'Lion' is the second play in a series of three under The Wright Stuff Festival 2021 organized by The Toy Factory. The trio of plays focus on the theme of “inwards” as they seek to encourage greater introspection amidst this time of relative isolation.
The third installment of the series of plays, 'SKIN', premieres tonight (15 Oct 2021) at 8pm at the Gateway Theatre. You can get your tickets here.
Forgive and forget? It’s easier said than done, especially when it’s the bully that tormented you years ago.
Jedidiah Huang’s LION deals with the reality of coming face to face with past hurt and the messiness of unresolved issues and its aftermath. While offering us common advice, the well-staged performance by an intimate cast of four surely made us think about how we would choose to act when given the chance to forgive and forget.
Set in an orphanage, Bruce (played by Wayne Lim), a man who’s more than just a little rough around the edges, seeks to adopt Danial (Bryan Tee), who hasn’t had much luck in finding a family. However, standing in his way is Jack (Clement Yeo), an old acquaintance from secondary school who was once at the receiving end of many of Bruce’s cruel pranks.
The premise is simple yet intriguing – can we truly let go of the past for the good of those around us?
The performance answers these questions artfully by contrasting the characters of Jack and Sharon Mah’s Pastor Samantha, otherwise called “Sam”, who oversees the orphanage. Despite both having had to deal with physical and emotional scars, only Sam has had the courage to admit her fears and unresolved trauma. She is the only one who truly walks out of the shadows and becomes the emotional anchor of those around her. As the voice of reason and understanding, she is juxtaposed alongside Jack, who, despite his best intentions, is ultimately consumed by his hatred for Bruce.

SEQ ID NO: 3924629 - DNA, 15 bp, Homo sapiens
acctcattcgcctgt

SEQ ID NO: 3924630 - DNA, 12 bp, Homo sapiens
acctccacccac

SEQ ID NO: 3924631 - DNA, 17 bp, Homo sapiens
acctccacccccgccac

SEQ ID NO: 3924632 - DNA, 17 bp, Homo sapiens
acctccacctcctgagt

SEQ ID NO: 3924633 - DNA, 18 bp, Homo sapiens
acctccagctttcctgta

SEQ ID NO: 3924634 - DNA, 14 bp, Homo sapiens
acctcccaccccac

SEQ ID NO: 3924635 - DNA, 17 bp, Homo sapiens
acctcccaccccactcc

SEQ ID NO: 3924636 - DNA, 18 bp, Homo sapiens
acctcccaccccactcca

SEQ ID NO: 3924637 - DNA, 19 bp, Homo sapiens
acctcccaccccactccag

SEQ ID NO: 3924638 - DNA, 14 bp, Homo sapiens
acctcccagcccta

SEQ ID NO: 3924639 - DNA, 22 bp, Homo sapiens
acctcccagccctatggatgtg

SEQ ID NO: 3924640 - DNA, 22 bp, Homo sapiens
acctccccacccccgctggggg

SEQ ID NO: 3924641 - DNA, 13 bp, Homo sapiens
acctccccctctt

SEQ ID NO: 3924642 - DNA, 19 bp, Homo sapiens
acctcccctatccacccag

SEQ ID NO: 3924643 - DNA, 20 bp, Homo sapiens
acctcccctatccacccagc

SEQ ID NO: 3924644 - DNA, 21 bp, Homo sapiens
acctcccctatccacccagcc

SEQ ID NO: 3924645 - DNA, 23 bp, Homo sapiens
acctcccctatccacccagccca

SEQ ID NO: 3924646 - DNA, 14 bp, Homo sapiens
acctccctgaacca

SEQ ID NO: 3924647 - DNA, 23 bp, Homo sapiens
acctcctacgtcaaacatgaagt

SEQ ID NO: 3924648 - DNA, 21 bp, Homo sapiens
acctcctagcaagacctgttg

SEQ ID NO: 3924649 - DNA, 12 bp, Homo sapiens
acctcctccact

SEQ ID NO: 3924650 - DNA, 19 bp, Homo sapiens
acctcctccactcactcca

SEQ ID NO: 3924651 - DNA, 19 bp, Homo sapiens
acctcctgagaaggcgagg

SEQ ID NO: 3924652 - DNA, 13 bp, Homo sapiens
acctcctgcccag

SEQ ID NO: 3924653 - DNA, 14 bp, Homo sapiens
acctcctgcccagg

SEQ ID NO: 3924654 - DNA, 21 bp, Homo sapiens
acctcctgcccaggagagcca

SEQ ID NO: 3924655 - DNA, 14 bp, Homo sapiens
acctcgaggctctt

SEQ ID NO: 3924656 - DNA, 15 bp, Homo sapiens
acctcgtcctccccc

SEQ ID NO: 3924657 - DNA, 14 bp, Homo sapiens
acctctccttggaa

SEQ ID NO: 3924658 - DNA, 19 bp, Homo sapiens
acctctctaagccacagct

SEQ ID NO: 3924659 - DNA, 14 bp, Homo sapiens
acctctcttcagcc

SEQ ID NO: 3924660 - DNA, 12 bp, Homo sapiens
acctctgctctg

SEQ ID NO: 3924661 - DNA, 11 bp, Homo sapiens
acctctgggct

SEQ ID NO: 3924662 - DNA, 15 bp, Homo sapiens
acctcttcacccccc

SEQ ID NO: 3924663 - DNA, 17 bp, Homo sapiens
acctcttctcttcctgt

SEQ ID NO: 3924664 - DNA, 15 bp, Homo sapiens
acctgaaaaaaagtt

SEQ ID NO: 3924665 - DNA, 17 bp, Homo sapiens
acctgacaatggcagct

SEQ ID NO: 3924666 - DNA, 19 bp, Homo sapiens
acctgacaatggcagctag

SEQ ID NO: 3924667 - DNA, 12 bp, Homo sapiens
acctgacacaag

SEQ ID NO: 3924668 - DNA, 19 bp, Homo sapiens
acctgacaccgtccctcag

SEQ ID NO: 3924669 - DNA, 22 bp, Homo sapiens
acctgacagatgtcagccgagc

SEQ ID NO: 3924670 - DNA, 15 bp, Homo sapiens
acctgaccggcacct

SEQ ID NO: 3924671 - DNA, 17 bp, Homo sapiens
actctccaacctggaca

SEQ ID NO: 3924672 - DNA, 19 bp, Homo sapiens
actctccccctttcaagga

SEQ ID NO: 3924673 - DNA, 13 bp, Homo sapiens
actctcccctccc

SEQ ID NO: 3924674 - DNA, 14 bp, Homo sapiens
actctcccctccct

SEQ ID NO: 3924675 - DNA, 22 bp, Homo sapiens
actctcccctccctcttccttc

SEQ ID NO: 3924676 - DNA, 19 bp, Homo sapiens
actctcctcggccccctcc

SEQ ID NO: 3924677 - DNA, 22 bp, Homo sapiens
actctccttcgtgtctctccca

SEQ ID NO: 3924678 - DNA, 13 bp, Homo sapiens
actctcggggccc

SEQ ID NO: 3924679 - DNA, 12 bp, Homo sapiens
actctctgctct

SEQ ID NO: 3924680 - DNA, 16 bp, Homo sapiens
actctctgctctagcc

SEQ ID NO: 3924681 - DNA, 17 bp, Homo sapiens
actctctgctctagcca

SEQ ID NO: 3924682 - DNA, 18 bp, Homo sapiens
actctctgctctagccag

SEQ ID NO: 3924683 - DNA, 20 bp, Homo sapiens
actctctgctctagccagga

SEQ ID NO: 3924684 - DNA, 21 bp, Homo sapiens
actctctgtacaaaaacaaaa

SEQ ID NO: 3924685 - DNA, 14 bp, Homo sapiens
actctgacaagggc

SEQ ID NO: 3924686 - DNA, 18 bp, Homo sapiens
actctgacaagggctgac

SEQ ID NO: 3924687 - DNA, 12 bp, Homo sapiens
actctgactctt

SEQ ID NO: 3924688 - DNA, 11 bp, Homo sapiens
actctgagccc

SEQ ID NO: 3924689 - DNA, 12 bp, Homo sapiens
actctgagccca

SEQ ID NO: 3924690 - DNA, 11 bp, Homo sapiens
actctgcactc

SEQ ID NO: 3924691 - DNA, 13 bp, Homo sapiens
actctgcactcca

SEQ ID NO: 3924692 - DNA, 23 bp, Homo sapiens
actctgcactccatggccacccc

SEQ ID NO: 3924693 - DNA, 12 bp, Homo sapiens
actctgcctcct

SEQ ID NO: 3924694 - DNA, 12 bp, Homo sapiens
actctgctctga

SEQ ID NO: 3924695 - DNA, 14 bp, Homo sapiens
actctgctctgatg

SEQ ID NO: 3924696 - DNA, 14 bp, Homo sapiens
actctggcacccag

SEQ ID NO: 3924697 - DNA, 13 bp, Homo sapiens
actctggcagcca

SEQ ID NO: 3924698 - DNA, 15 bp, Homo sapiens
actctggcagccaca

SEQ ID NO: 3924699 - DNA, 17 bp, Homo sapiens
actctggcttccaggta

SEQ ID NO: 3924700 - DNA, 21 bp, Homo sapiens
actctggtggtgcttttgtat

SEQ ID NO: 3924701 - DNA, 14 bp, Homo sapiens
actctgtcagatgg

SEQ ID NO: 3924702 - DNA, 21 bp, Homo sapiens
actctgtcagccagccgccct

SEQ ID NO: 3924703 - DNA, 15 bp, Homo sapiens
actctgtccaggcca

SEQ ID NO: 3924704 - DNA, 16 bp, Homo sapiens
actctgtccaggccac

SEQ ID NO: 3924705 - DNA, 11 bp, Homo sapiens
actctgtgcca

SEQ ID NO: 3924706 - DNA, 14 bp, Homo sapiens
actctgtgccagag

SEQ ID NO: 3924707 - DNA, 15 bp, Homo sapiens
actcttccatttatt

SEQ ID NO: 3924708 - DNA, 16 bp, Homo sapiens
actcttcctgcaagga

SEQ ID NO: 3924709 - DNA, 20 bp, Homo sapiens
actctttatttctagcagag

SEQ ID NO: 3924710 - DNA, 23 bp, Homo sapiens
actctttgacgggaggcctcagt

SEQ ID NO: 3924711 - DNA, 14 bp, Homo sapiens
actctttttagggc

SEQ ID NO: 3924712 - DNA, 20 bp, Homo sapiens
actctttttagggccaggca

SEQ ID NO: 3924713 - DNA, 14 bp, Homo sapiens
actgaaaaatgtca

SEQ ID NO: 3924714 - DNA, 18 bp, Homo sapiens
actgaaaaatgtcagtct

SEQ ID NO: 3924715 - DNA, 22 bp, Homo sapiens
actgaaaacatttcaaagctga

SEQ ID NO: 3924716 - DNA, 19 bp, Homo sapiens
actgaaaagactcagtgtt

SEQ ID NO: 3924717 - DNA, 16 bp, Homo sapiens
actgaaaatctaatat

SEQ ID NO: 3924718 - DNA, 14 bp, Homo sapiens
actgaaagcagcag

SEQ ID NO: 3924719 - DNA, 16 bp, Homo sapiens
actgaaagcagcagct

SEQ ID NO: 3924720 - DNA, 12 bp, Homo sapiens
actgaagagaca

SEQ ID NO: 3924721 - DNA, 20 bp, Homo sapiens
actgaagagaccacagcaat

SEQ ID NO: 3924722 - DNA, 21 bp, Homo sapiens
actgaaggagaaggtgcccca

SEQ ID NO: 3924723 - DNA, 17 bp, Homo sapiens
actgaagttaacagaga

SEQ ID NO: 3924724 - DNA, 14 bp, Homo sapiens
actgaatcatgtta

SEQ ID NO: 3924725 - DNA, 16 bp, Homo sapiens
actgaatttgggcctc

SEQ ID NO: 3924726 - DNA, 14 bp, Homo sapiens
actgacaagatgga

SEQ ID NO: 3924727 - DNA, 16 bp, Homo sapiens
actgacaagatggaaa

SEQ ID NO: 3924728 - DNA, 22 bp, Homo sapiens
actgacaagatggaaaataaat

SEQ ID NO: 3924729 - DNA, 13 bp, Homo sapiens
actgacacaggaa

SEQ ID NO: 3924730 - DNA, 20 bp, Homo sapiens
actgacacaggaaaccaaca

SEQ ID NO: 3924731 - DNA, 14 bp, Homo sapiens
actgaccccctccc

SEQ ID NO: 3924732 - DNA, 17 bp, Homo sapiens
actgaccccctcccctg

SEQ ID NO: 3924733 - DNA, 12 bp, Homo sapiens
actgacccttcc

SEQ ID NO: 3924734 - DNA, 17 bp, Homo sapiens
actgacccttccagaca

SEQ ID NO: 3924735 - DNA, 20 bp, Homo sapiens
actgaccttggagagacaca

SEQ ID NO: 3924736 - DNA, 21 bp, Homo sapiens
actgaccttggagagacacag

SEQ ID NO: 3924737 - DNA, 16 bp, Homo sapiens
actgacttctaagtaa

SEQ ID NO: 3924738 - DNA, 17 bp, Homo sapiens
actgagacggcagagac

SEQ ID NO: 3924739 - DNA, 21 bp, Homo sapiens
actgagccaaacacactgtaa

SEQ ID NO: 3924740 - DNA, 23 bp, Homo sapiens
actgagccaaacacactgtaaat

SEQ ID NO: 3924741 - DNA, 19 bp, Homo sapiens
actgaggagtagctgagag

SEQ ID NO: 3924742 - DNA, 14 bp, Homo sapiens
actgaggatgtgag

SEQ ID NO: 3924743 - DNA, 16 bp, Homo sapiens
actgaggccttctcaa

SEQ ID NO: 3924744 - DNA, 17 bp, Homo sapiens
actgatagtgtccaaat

On that note, we found the character arc of Jack and Sam to be masterfully portrayed with recollections of their past translating into their motivations and present behavior.
However, the characters of Bruce and Daniel were comparatively under-developed. We felt that opportunities to add complexity to their personalities were not always utilized – with the contrast between the former’s masculinity and the latter’s relative femininity left unexplored. In fact, due to significant foreshadowing, we had initially assumed that this would be the central focus of the play, which revealed itself to be the dynamic between Bruce and Jack instead.
While the performances were well-paced, it sped up greatly towards the end with a packed sequence of events leading to a sudden and rather surprising outcome. Audiences who enjoy sudden twists would enjoy this ending, although others might feel unease at some of the unresolved tension and its grim conclusion.
Nonetheless, regardless of how we feel about the ending, it does little to discount the powerful narrative. It even forces us to think deeper about the simple but profound difference between owning our past, and allowing it to own us.
As a long-standing initiative, the Wright Stuff Festival has been instrumental in discovering budding playwrights by giving then a platform to refine their works under the mentorship of established professionals. Over a year in the making, 'Lion' is Jedidiah Huang’s debut play and has since sold out to great reception.